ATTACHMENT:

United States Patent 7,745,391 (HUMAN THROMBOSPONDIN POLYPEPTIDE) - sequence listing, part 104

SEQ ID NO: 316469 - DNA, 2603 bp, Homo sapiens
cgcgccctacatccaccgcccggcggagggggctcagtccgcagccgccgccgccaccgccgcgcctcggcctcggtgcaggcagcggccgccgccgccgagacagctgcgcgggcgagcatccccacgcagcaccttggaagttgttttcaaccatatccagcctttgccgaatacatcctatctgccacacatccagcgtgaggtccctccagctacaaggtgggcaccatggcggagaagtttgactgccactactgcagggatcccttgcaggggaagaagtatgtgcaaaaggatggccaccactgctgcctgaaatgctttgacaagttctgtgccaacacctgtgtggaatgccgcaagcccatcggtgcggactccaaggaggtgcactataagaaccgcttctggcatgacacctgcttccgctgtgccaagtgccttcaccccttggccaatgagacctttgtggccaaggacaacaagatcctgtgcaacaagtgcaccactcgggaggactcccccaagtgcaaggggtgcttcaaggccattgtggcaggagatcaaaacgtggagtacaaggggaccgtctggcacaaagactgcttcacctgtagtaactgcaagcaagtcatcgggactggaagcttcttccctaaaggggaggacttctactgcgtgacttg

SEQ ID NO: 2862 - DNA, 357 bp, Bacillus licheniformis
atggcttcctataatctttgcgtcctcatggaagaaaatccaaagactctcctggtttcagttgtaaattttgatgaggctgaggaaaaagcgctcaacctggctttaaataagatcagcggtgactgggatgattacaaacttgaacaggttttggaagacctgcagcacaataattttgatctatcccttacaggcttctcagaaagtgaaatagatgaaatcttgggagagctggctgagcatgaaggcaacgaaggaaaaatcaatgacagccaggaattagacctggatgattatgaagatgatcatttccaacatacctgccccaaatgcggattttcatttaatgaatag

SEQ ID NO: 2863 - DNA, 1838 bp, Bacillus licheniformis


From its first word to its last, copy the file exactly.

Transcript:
United States Patent 7,745,391 (HUMAN THROMBOSPONDIN POLYPEPTIDE) - sequence listing, part 104

SEQ ID NO: 316469 - DNA, 2603 bp, Homo sapiens
cgcgccctacatccaccgcccggcggagggggctcagtccgcagccgccgccgccaccgccgcgcctcggcctcggtgcaggcagcggccgccgccgccgagacagctgcgcgggcgagcatccccacgcagcaccttggaagttgttttcaaccatatccagcctttgccgaatacatcctatctgccacacatccagcgtgaggtccctccagctacaaggtgggcaccatggcggagaagtttgactgccactactgcagggatcccttgcaggggaagaagtatgtgcaaaaggatggccaccactgctgcctgaaatgctttgacaagttctgtgccaacacctgtgtggaatgccgcaagcccatcggtgcggactccaaggaggtgcactataagaaccgcttctggcatgacacctgcttccgctgtgccaagtgccttcaccccttggccaatgagacctttgtggccaaggacaacaagatcctgtgcaacaagtgcaccactcgggaggactcccccaagtgcaaggggtgcttcaaggccattgtggcaggagatcaaaacgtggagtacaaggggaccgtctggcacaaagactgcttcacctgtagtaactgcaagcaagtcatcgggactggaagcttcttccctaaaggggaggacttctactgcgtgacttg

SEQ ID NO: 2862 - DNA, 357 bp, Bacillus licheniformis
atggcttcctataatctttgcgtcctcatggaagaaaatccaaagactctcctggtttcagttgtaaattttgatgaggctgaggaaaaagcgctcaacctggctttaaataagatcagcggtgactgggatgattacaaacttgaacaggttttggaagacctgcagcacaataattttgatctatcccttacaggcttctcagaaagtgaaatagatgaaatcttgggagagctggctgagcatgaaggcaacgaaggaaaaatcaatgacagccaggaattagacctggatgattatgaagatgatcatttccaacatacctgccccaaatgcggattttcatttaatgaatag

SEQ ID NO: 2863 - DNA, 1838 bp, Bacillus licheniformis